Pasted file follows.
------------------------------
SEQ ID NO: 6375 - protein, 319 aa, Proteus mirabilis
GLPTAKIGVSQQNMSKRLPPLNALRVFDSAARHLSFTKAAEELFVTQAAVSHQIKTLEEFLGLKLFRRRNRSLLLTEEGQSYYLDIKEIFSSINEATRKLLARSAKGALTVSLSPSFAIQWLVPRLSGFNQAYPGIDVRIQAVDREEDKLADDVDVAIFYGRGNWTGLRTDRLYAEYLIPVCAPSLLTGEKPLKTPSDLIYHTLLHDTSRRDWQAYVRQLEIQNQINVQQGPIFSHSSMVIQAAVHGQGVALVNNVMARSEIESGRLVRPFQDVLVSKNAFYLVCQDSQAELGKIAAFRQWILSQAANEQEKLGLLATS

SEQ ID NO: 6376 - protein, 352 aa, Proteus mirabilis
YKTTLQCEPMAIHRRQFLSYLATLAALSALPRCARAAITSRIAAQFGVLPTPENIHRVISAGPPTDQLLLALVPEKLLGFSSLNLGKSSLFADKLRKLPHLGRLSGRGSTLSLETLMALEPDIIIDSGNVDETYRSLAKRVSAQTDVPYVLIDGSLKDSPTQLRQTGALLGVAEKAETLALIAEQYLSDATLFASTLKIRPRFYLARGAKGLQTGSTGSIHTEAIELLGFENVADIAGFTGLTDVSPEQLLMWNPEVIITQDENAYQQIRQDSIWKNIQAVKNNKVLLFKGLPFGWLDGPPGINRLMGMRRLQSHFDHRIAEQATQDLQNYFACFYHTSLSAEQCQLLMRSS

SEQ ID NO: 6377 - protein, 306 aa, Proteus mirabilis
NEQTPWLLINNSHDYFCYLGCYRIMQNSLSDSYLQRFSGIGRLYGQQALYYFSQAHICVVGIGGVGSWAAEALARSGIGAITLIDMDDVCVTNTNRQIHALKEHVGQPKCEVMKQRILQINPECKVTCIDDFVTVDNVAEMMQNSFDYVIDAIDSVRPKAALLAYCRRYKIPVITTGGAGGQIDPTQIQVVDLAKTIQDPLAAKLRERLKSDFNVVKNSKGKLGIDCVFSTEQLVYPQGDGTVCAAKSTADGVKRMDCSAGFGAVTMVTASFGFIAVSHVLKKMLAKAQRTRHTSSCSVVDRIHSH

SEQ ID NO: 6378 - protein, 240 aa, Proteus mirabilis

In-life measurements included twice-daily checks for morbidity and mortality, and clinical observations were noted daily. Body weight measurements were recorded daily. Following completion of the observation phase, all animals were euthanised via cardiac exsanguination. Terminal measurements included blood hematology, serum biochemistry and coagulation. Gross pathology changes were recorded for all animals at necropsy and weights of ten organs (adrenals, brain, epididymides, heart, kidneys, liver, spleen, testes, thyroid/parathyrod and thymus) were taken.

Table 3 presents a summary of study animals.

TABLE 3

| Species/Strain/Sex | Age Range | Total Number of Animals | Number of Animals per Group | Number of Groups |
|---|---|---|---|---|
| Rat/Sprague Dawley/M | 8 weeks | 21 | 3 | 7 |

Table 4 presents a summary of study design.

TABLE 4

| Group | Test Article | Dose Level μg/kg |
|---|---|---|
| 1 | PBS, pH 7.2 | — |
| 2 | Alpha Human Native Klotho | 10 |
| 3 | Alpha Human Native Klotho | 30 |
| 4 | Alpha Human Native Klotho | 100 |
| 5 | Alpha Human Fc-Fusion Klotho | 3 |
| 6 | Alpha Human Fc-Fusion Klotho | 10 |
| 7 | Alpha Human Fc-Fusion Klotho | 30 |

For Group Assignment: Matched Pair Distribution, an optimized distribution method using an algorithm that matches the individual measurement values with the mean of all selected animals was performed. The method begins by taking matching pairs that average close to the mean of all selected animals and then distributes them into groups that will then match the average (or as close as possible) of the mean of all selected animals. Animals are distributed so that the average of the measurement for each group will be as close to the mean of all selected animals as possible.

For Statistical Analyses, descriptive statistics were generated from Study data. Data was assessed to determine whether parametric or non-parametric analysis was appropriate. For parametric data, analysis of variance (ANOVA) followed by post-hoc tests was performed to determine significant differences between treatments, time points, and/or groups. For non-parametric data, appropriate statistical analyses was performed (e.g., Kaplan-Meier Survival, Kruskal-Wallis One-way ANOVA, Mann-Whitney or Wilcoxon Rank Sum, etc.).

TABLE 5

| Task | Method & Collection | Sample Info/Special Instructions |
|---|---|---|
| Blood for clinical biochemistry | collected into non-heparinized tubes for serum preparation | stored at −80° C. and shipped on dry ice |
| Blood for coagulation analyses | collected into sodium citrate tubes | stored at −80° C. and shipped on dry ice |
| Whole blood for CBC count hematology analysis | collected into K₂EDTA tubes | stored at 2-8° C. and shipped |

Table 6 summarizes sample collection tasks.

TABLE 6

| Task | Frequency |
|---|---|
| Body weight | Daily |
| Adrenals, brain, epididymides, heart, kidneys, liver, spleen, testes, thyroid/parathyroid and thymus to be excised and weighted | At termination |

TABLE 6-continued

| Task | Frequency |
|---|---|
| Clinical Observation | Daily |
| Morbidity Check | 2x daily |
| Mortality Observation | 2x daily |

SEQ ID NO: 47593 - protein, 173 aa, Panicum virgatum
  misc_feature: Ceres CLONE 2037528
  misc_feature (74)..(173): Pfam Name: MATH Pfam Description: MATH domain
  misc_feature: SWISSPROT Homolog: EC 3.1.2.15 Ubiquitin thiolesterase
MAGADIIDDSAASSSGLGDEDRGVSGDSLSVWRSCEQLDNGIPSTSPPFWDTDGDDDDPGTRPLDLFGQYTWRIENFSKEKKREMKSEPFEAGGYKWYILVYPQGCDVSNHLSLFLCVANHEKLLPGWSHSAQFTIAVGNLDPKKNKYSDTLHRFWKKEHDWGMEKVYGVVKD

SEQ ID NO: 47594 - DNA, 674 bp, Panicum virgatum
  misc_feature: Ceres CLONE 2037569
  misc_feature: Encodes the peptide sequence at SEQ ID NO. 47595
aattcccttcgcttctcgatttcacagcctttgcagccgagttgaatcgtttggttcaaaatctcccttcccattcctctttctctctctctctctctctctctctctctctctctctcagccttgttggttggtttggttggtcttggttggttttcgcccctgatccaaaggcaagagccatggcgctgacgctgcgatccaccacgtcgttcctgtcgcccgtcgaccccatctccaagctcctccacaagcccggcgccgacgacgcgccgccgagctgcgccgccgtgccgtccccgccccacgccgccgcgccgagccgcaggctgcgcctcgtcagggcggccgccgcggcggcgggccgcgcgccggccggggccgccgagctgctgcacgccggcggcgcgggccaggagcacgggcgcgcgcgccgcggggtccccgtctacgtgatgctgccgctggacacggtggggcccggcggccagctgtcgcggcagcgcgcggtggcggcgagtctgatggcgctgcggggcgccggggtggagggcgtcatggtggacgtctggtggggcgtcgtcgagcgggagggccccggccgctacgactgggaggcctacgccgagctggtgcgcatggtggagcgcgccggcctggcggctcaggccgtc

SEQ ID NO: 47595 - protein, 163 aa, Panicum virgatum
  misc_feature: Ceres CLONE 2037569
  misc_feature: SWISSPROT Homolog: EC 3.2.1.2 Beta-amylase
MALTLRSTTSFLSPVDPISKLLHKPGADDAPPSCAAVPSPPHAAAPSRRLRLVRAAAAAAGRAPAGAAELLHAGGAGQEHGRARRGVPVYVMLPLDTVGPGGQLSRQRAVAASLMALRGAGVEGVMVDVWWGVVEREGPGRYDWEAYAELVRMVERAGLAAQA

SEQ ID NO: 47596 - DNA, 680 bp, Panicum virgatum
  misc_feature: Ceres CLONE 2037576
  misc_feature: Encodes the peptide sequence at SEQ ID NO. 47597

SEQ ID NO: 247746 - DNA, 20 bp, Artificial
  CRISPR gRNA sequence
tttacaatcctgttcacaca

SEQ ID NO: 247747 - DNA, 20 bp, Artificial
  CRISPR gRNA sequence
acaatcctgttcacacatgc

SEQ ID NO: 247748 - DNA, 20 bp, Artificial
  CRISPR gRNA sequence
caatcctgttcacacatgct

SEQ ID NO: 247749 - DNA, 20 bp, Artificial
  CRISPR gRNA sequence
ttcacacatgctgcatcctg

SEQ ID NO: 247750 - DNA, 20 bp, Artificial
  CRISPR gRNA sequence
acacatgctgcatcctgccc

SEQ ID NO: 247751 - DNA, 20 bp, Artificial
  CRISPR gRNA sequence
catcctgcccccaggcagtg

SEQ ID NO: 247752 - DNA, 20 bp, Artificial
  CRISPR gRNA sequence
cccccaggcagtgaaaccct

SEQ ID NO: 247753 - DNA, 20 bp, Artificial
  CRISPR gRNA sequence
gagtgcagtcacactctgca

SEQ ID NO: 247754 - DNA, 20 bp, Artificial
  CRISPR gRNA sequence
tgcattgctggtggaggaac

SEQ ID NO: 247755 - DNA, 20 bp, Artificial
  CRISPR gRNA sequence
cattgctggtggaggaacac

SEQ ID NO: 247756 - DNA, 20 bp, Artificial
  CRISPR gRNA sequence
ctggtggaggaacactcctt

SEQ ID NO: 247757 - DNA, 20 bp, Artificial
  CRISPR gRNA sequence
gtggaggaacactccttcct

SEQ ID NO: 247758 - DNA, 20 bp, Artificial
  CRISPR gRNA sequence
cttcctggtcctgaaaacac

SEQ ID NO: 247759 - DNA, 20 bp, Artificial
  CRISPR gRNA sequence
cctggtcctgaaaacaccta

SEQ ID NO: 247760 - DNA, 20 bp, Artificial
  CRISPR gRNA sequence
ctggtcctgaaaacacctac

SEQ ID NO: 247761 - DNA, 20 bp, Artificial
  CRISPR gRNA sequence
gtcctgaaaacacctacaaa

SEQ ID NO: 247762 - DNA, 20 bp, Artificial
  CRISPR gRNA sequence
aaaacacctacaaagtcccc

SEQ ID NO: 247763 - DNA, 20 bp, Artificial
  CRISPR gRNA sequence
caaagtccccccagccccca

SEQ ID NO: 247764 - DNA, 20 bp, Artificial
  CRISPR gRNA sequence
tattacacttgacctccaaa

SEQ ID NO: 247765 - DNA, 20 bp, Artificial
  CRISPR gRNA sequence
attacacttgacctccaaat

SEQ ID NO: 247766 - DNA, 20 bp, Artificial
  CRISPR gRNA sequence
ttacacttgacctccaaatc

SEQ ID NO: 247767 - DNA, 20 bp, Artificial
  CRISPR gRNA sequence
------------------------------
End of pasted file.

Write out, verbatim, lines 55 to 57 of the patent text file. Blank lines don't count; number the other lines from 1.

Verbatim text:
  misc_feature: Ceres CLONE 2037569
  misc_feature: SWISSPROT Homolog: EC 3.2.1.2 Beta-amylase
MALTLRSTTSFLSPVDPISKLLHKPGADDAPPSCAAVPSPPHAAAPSRRLRLVRAAAAAAGRAPAGAAELLHAGGAGQEHGRARRGVPVYVMLPLDTVGPGGQLSRQRAVAASLMALRGAGVEGVMVDVWWGVVEREGPGRYDWEAYAELVRMVERAGLAAQA